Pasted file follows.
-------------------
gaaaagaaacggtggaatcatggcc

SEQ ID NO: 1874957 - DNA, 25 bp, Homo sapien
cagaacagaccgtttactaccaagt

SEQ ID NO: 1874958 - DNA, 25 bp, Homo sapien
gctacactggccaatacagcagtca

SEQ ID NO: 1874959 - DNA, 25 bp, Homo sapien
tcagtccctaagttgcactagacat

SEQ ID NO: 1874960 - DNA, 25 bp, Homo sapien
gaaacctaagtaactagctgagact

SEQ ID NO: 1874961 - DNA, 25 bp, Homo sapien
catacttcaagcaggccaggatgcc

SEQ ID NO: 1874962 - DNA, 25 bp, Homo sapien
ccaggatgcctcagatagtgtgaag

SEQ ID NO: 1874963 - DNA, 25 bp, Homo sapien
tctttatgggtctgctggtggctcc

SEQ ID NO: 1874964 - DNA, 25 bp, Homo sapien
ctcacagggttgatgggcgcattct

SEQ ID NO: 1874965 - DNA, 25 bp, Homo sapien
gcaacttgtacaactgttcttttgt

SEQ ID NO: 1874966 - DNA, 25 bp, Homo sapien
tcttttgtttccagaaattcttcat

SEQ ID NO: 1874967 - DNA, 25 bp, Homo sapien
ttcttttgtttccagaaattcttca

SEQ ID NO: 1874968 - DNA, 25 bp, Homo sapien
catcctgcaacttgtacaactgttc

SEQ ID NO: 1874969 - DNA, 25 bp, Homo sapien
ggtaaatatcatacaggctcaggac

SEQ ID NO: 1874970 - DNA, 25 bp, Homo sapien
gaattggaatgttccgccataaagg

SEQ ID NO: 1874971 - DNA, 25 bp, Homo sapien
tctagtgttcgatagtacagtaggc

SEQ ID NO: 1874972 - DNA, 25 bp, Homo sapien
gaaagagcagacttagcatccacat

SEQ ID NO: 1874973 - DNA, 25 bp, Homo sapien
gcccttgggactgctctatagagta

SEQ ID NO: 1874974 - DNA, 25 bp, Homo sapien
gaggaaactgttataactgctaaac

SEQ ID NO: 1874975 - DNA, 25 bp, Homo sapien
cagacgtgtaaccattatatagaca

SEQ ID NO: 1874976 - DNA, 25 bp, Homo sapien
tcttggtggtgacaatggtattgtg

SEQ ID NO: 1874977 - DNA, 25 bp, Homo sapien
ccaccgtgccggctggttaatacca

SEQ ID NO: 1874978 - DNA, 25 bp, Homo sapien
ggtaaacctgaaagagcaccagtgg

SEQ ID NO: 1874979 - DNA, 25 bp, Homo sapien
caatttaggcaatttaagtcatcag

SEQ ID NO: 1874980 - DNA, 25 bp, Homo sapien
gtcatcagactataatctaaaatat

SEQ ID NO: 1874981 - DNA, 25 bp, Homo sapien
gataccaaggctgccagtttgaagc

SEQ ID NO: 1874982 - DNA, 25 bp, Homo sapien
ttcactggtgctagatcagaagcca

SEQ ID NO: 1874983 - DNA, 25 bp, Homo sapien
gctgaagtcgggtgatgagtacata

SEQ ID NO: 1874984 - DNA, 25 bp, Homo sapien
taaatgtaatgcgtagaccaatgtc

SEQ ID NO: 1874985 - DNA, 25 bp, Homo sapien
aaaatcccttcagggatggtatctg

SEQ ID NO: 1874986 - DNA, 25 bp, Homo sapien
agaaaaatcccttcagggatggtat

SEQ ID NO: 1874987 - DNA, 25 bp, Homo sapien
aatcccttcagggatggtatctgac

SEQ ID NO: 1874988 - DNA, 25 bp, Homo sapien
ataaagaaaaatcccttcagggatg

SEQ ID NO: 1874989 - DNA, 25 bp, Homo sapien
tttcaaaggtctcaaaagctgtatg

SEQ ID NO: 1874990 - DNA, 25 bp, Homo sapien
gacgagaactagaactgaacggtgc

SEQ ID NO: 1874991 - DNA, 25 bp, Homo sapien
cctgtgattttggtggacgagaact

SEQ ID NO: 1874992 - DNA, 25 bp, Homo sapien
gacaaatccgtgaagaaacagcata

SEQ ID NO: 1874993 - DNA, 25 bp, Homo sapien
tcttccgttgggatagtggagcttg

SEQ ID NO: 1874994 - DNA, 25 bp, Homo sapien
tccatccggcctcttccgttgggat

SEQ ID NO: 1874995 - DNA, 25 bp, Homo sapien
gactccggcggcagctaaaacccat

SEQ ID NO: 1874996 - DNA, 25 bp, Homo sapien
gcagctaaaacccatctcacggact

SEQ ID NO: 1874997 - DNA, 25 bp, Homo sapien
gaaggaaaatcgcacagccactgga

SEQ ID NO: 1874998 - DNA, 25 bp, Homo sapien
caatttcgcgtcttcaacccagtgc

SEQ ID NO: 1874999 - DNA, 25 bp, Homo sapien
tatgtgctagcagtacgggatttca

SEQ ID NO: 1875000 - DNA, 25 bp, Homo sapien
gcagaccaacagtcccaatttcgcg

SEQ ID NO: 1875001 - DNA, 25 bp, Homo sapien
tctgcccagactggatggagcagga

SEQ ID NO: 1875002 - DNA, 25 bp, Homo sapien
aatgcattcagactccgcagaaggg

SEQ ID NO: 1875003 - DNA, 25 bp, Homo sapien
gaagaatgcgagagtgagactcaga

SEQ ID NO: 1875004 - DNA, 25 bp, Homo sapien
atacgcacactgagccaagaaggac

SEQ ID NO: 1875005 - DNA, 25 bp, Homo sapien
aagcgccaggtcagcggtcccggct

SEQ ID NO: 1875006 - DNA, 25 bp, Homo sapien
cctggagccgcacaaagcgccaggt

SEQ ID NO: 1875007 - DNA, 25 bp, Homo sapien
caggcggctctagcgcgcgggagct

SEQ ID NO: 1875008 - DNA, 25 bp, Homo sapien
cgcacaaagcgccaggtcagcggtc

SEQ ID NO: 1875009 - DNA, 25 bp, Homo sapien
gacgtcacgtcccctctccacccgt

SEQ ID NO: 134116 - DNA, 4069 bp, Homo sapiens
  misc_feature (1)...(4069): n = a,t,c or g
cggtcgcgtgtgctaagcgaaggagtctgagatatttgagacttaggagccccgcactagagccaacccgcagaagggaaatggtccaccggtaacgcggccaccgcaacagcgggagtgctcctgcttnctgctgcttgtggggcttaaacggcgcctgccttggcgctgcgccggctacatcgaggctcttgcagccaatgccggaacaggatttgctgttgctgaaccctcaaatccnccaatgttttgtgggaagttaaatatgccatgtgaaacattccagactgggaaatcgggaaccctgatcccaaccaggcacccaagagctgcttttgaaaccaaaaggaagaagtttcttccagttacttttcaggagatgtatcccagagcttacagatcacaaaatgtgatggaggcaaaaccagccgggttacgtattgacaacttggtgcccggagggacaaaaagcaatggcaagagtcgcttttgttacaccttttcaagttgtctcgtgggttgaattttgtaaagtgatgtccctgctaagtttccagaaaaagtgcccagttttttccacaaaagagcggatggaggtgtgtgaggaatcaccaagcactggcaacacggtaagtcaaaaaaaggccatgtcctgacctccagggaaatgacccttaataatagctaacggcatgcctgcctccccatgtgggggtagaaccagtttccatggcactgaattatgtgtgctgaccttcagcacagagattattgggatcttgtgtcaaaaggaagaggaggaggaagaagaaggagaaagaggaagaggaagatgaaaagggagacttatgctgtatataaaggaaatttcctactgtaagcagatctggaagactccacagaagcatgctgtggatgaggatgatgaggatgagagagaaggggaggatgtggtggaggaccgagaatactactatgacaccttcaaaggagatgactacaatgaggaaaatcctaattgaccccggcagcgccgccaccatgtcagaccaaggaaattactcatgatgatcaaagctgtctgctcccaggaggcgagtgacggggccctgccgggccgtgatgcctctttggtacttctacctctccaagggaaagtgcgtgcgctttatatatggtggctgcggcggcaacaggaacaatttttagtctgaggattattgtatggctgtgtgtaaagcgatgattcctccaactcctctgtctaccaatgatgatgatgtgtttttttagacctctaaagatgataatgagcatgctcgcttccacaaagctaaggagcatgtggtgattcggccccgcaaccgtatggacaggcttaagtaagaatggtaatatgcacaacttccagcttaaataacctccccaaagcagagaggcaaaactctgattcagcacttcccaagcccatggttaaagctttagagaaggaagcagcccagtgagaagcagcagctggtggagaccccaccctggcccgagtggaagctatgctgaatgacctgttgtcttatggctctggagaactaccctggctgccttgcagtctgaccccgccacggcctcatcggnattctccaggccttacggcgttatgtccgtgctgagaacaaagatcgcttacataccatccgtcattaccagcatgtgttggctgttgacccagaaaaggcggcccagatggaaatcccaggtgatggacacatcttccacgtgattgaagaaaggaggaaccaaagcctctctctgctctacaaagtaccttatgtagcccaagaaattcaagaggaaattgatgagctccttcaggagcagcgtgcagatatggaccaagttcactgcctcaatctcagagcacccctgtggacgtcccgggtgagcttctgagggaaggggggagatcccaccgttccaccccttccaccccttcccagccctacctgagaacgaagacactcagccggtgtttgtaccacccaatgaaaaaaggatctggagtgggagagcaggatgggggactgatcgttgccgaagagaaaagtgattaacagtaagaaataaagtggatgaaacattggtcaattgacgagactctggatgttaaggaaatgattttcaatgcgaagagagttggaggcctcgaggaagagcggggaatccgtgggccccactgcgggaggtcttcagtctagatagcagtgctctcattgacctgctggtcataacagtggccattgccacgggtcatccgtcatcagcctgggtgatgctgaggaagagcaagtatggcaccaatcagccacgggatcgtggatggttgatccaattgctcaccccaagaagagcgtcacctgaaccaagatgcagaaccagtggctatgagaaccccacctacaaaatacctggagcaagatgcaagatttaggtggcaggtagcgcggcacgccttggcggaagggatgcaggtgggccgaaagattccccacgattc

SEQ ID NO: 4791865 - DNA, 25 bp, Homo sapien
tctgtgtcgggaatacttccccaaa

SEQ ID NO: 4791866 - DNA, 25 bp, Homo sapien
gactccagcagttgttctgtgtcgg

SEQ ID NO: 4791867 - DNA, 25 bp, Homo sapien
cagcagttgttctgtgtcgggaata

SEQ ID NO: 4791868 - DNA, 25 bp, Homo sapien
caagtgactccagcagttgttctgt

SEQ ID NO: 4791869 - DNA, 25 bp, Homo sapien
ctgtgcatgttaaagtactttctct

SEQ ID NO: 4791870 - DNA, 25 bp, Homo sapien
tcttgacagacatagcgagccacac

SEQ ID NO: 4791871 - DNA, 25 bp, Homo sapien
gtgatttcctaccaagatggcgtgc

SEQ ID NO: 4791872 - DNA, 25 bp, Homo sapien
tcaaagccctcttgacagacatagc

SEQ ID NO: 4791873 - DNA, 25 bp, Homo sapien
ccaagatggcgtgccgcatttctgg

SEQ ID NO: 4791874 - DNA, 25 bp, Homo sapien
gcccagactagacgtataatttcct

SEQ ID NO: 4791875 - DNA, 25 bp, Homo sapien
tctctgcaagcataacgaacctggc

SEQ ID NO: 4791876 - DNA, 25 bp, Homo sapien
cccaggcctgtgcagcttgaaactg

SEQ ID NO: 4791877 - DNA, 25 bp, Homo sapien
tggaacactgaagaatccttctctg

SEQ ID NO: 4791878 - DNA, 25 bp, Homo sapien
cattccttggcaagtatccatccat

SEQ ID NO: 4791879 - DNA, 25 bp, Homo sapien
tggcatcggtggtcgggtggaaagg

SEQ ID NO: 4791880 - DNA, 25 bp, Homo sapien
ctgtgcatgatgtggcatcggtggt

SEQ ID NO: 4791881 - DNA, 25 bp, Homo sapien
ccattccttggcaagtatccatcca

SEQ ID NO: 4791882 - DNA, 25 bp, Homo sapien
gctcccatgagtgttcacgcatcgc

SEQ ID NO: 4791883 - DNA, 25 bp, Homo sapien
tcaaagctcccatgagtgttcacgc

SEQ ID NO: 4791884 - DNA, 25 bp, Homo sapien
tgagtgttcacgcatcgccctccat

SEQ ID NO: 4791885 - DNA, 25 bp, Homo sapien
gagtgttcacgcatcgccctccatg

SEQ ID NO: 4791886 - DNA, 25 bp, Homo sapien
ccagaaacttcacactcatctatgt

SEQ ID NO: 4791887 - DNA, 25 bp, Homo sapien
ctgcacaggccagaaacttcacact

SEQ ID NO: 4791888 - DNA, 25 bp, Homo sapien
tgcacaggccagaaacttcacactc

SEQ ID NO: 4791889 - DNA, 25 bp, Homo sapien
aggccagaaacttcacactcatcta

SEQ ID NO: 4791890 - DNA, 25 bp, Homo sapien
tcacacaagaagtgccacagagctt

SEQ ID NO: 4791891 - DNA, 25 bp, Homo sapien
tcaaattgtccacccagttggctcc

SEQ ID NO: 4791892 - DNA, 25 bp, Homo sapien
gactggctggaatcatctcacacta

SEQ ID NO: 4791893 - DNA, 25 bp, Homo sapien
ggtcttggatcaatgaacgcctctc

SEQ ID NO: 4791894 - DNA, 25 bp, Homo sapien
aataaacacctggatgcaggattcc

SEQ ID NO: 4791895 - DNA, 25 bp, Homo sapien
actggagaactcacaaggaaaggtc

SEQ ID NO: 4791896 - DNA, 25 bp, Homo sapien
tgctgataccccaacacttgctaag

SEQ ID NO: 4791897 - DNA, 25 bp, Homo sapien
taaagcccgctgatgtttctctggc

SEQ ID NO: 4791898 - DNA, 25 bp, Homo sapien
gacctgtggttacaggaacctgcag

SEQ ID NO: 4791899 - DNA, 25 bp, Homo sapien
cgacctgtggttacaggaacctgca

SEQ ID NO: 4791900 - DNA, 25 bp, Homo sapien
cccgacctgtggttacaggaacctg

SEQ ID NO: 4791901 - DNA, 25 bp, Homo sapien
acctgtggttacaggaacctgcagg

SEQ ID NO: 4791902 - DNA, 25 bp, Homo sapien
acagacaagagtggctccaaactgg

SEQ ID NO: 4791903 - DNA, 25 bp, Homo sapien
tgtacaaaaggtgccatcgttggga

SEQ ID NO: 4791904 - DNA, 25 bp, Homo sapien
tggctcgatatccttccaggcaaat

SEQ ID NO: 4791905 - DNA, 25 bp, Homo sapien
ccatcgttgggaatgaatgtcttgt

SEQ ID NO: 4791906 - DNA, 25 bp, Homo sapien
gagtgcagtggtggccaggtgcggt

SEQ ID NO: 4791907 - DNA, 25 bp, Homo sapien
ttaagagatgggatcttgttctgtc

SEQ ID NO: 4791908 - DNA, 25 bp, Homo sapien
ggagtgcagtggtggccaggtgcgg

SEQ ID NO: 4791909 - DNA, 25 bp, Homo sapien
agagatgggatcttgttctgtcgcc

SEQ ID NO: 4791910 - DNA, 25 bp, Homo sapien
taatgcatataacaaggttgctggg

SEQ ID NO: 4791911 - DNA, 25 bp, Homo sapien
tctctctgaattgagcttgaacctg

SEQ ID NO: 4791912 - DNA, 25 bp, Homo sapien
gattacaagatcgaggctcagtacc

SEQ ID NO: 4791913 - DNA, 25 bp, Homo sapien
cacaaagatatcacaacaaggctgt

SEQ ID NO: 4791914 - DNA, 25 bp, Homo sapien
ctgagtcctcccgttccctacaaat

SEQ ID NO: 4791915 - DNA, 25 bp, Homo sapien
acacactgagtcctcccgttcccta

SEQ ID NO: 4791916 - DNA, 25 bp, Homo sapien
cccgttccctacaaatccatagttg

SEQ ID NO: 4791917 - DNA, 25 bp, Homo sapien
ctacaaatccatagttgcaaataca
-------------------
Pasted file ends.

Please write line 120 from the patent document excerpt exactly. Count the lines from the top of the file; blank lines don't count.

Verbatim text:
ctgtgcatgttaaagtactttctct